20 May 2008

Long term investments or long shots?

Singapore's sovereign wealth fund, the GIC, invests for the very long term, but the news in the short term can be quite unnerving. On Citigroup and the Old Lane hedge fund, and on Shincorp. Full essay.


Alan Wong said...

If I myself made any losses in my own investment, I always find some excuse to comfort myself.

What else can we expect old LKY to say, other than it's for the long term? It is not easy to admit making losses over public funds especially when it appears that all the highest decision-making is made by the members of his own family.

If I remembered correctly, some GIC/Temasek investments were sold off within a year or so. How come they never explained that the investments are meant to be held for the longer term? It only goes to show valid excuses can be offered at any time to explain embarassing political situations. Afterall, it does't cost a dime to come up with empty talk.

A loss is a loss. Do they ever have the word "accountablility" in their dictionaly? It's just very sad that the very same group of people are still making the decisions.

Anonymous said...

If one group owns almost all, whatever ratios are useless I would think..... Like the old man said... think Long Term... very long term....

Anonymous said...

recently Carl Icahn bought Yahoo, and Warren Buffett bought Wrigley; neither bought bank shares, meaning they think these are not the most attractive investments now, and they are not swayed by the prestige of being Citicorp/Merryl Lynch shareholders

on the other hand, if the banks could get Icahn/Buffett to invest in them, they wont be coming all the way to Asia to look for buyers


Anonymous said...

Here is another so-called "Long term" GIC investments, which seemed to have escape the news.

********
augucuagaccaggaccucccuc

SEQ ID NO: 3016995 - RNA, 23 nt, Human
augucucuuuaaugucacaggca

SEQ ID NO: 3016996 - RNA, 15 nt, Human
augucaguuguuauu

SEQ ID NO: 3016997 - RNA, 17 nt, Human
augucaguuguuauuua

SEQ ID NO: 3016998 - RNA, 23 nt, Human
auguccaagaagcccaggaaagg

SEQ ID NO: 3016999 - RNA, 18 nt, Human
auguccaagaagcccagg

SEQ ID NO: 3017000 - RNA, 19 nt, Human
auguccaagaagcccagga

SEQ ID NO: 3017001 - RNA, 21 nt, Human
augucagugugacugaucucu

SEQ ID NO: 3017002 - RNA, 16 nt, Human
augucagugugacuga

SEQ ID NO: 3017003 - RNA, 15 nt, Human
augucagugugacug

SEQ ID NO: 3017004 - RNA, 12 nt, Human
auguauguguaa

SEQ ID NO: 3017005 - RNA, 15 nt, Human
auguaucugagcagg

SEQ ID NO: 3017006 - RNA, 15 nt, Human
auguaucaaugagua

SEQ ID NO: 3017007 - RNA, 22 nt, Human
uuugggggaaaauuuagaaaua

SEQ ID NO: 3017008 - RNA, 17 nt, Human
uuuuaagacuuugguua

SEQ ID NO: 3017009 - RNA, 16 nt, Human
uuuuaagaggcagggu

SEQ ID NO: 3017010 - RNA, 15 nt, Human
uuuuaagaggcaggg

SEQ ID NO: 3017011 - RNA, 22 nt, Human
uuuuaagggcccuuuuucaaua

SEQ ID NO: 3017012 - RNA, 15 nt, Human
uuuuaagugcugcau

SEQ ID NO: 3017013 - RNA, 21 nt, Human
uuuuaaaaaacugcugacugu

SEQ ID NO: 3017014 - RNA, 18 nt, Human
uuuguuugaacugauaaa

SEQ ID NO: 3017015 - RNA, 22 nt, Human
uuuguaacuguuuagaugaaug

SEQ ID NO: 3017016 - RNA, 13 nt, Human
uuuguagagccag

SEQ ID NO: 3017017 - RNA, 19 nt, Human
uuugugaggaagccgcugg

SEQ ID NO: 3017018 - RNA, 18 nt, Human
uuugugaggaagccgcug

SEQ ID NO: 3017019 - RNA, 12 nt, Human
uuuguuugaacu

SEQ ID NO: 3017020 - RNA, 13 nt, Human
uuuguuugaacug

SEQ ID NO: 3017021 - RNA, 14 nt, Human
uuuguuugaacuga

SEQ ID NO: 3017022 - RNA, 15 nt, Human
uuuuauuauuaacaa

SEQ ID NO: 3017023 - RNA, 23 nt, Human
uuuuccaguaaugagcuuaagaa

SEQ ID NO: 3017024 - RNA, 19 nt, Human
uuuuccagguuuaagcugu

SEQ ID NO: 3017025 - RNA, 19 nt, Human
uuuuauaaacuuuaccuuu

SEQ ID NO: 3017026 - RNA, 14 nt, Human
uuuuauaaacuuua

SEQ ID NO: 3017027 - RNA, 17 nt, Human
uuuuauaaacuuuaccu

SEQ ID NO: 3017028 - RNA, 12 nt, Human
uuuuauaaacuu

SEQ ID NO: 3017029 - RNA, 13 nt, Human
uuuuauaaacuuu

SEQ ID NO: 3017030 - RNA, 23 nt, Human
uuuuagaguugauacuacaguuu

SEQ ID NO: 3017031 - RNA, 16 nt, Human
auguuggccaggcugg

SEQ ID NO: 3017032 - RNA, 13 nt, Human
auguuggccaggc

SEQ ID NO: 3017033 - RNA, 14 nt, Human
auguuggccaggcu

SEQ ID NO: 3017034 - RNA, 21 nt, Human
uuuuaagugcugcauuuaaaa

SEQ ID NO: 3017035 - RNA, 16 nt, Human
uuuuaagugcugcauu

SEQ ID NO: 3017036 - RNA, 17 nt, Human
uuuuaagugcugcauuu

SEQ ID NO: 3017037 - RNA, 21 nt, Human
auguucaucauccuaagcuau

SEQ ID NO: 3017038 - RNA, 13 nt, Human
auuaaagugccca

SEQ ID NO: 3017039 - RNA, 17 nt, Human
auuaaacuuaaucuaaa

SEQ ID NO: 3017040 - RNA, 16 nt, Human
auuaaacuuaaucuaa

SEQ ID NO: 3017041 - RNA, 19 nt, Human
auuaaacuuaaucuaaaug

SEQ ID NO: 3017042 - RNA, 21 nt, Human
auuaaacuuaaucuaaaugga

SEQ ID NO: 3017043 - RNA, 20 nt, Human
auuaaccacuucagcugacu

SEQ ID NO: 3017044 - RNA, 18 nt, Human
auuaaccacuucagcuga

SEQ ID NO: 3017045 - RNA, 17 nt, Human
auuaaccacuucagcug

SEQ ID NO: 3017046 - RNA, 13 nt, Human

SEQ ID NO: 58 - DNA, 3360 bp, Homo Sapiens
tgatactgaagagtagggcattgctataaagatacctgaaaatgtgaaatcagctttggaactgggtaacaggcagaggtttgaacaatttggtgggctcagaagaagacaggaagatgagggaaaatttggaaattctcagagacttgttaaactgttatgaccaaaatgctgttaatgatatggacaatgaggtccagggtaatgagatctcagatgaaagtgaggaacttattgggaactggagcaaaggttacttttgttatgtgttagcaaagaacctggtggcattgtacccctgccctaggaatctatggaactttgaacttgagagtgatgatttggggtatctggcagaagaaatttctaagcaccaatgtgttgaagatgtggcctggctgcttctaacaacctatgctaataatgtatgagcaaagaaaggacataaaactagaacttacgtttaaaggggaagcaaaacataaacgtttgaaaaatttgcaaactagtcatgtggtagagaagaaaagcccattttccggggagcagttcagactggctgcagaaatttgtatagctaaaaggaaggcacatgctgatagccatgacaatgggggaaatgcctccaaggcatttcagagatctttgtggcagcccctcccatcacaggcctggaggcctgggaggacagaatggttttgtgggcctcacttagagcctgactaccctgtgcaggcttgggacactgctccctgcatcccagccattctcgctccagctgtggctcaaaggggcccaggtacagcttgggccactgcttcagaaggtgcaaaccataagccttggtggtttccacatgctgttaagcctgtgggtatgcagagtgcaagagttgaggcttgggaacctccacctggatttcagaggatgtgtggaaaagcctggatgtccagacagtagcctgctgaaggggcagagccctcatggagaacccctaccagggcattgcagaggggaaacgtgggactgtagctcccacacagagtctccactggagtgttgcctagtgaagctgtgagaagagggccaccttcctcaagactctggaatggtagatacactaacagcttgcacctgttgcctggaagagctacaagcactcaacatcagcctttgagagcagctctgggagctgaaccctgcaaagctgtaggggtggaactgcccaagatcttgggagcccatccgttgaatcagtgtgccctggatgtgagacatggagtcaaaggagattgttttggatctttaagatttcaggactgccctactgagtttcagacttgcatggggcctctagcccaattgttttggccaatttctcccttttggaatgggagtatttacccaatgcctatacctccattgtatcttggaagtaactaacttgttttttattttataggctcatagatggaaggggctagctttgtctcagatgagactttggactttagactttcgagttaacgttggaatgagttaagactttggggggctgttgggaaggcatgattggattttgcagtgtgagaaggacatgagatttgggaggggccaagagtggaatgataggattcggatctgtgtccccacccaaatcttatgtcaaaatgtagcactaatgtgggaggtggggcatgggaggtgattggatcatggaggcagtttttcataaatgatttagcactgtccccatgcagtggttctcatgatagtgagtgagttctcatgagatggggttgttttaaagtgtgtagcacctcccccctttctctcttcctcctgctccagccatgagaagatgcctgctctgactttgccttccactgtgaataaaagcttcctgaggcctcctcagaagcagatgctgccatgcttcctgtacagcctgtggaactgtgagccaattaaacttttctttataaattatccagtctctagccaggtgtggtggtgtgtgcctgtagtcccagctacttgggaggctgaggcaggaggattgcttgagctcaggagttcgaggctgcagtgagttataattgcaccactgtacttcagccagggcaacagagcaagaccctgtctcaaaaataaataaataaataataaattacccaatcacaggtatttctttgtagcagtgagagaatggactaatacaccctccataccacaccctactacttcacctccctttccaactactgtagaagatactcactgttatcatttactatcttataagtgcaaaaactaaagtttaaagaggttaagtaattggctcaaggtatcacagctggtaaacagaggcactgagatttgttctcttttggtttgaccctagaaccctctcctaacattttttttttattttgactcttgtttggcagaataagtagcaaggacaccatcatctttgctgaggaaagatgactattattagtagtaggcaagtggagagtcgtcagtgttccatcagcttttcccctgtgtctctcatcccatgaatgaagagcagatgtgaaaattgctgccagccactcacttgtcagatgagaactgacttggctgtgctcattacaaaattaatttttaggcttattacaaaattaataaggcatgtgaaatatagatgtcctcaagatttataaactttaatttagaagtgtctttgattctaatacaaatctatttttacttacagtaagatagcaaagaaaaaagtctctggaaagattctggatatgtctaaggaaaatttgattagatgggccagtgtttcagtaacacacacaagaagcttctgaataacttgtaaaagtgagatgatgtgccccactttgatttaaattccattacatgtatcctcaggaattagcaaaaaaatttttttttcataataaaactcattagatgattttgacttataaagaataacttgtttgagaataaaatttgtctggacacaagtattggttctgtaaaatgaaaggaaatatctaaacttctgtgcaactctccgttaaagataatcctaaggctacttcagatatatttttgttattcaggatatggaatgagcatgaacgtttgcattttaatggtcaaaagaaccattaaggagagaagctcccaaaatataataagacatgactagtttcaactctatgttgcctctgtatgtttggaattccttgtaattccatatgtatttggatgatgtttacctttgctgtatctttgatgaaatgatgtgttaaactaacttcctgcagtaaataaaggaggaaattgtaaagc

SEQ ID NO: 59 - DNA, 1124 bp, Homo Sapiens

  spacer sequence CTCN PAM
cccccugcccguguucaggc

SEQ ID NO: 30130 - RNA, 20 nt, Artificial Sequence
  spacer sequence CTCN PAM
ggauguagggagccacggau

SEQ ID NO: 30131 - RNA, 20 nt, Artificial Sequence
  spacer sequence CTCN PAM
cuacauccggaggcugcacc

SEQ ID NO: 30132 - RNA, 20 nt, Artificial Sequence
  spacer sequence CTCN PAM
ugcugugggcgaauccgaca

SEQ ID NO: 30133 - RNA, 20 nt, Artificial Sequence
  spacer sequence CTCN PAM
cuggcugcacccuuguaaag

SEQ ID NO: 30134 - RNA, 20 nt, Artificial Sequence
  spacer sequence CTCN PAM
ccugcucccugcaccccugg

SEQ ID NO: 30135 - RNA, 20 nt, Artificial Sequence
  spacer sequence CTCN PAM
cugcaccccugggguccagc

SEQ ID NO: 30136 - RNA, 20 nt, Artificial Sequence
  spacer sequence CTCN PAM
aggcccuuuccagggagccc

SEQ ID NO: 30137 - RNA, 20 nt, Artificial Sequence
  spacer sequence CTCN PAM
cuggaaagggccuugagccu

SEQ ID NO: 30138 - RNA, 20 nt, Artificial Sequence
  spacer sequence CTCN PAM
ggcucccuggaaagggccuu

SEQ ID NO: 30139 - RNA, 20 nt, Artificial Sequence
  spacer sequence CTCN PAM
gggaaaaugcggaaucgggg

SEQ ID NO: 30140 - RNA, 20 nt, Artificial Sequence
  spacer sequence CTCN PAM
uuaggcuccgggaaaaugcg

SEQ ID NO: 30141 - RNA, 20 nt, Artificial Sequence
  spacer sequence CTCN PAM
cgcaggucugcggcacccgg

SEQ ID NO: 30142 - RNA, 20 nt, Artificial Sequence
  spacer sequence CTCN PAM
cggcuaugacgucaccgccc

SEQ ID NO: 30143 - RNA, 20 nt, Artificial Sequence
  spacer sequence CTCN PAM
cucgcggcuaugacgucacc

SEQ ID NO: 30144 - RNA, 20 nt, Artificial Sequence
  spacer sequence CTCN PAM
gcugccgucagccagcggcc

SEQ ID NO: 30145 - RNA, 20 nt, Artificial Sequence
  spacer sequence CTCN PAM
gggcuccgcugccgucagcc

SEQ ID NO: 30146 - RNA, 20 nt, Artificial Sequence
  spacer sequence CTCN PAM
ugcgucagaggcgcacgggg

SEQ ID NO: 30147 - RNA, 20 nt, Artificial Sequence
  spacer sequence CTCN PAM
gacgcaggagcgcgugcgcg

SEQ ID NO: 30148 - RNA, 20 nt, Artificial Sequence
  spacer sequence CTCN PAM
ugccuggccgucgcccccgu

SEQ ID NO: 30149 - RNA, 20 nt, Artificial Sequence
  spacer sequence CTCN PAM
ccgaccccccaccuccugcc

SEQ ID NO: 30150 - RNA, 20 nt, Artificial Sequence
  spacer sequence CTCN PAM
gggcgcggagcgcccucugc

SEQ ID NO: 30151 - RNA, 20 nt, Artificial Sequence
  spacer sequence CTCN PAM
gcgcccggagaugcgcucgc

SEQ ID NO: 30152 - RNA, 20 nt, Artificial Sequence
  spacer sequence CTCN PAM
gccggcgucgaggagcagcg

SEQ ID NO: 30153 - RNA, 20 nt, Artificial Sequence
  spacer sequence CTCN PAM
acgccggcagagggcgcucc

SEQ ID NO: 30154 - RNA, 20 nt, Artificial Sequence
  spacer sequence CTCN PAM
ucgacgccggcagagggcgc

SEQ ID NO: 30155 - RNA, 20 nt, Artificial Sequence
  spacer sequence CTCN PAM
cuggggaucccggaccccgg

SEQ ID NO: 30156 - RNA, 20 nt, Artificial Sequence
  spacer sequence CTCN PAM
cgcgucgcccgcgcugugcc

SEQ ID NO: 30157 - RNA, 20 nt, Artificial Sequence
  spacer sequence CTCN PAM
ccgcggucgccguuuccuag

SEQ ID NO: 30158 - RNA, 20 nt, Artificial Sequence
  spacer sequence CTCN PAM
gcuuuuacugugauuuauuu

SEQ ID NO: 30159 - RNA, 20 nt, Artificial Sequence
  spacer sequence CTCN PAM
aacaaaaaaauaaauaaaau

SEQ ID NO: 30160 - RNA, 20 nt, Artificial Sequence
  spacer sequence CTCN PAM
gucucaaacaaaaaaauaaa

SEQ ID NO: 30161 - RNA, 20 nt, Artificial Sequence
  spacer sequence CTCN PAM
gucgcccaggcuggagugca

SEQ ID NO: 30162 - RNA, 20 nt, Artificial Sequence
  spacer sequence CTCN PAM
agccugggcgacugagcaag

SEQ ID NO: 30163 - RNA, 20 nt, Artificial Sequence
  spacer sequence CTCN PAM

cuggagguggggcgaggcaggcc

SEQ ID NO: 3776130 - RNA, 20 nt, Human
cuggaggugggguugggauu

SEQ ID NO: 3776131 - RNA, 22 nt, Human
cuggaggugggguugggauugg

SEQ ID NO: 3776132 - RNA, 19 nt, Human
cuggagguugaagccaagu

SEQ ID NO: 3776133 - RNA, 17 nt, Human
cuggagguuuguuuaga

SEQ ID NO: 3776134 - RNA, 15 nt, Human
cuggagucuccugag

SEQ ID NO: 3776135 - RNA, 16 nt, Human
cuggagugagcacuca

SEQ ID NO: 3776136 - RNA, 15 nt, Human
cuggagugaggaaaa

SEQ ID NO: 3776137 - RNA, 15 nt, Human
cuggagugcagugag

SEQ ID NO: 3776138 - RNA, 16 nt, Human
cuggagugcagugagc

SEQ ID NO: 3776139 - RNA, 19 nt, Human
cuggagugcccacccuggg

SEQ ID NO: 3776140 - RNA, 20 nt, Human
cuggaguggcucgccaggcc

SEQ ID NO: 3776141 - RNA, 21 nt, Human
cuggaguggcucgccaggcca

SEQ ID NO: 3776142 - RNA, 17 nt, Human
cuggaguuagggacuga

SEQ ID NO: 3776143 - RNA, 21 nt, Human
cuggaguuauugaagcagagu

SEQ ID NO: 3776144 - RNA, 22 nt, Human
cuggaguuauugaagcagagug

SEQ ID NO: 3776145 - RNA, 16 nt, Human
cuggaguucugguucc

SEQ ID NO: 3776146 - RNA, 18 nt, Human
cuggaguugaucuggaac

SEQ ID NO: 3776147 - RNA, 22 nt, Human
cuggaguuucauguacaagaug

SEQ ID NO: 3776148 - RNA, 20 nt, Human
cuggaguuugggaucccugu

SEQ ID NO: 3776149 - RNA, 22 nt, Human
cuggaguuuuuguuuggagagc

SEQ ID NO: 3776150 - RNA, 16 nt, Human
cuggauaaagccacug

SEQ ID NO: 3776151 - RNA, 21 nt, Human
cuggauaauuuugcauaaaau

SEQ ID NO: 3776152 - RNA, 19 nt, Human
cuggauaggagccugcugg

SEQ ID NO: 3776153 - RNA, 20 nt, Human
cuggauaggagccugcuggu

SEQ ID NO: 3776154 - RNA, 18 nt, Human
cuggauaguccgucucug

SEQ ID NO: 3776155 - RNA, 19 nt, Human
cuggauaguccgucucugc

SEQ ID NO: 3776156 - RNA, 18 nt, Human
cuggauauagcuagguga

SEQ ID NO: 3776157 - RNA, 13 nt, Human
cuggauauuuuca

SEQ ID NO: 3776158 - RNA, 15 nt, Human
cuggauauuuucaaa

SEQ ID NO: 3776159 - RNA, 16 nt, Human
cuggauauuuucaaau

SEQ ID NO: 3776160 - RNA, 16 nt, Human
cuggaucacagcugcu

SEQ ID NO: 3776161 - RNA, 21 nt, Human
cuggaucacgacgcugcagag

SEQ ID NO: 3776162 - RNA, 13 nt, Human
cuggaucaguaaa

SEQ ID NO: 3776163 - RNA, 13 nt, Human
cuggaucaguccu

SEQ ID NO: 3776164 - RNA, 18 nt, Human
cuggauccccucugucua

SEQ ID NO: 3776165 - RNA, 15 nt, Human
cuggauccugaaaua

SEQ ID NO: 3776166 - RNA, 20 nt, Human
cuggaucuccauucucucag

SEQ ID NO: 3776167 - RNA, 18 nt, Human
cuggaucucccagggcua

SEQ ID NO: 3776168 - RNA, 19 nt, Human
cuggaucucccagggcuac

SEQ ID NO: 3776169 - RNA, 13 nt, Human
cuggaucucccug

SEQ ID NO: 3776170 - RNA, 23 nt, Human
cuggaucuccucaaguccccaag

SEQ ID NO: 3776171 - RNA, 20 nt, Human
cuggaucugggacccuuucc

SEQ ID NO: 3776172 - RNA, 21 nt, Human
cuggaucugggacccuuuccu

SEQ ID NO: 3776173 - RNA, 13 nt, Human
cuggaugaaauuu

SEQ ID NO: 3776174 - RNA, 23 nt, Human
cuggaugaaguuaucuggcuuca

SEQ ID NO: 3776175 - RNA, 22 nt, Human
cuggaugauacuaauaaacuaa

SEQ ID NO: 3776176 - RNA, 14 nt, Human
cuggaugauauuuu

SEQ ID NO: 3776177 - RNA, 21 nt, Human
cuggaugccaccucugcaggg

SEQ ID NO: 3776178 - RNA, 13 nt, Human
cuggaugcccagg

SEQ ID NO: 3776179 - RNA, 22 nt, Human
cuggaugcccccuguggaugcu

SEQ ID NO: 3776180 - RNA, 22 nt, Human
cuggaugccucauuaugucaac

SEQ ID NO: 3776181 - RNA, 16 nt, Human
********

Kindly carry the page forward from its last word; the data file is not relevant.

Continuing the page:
BAA the owner of the troubled T5 in Heathrow, London, UK is currently owned by a consortium known as Airport Development and Investment (ADI). The consortium in term is represented by:

"Ferrovial owns 61pc of ADI. Canadian pension fund, Caisse de dépôt et placement du Québec, holds 29pc and the Singapore-backed investment company GIC, 10pc."[1]

According to theDaily Telegraph dated 10/5/2008:

"BAA'S three shareholders have been forced to inject £400m of fresh funds to get the much-delayed £10bn refinancing of the airport operator off the ground."

So another headache for GIC or a potential gold mine?

It is worth noting that BAA is quite a troublesome beast[2].

Note [1]: Daily Telegraph
[2]: The Economist

Anonymous said...


More information on GIC involvement in ADI/BAA:

Airport Development and Investment Limited, a consortium led by Grupo
Ferrovial, took control of BAA on 26 June 2006.

The full membership of the BAA plc Board is as follows: Marcus Agius, Chairman;
Stephen Nelson, Chief Executive; Tony Douglas, CEO Heathrow; Margaret Ewing,
Chief Finance Officer; Luis Sánchez Salmerón, Deputy Chief Executive; Juan
Bejar, CEO Ferrovial Infraestructuras; Joaquín Ayuso García, CEO of Grupo
Ferrovial S.A; Nicolás Villén Jimenez , CFO Grupo Ferrovial S.A; José María
Pérez Tremps, a director and legal counsel of Grupo Ferrovial S.A; Lucas Osorio
Iturmendi, legal counsel of Ferrovial Infraestructuras S.A; Ghislain Gauthier,
Senior Vice President, Investment, Infrastructure and Energy, CDP Capital;
Macky Tall, Investment Manager, Infrastructure and Services, CDP Capital;
Robert Coté, Vice President, CDP Capital; and Aug Eng Seng, Head of GIC
Government of Singapore Investment Corporation.

The full membership of the BAA Executive Committee is as follows: Stephen
Nelson, Chief Executive; Margaret Ewing, Chief Finance Officer; Tony Douglas;
CEO Heathrow; Luis Sánchez Salmerón, Executive Director; Mick Temple,
Divisional Director; Tony Ward, Services Director; Mike Toms, Planning and
Regulatory Affairs Director; Donal Dowds, Divisional Director; Duncan Garrood,
Divisional Director; Peter Blausten, Human Resources Director and Ian
Hargreaves, Corporate and Public Affairs Director. As announced in October 2005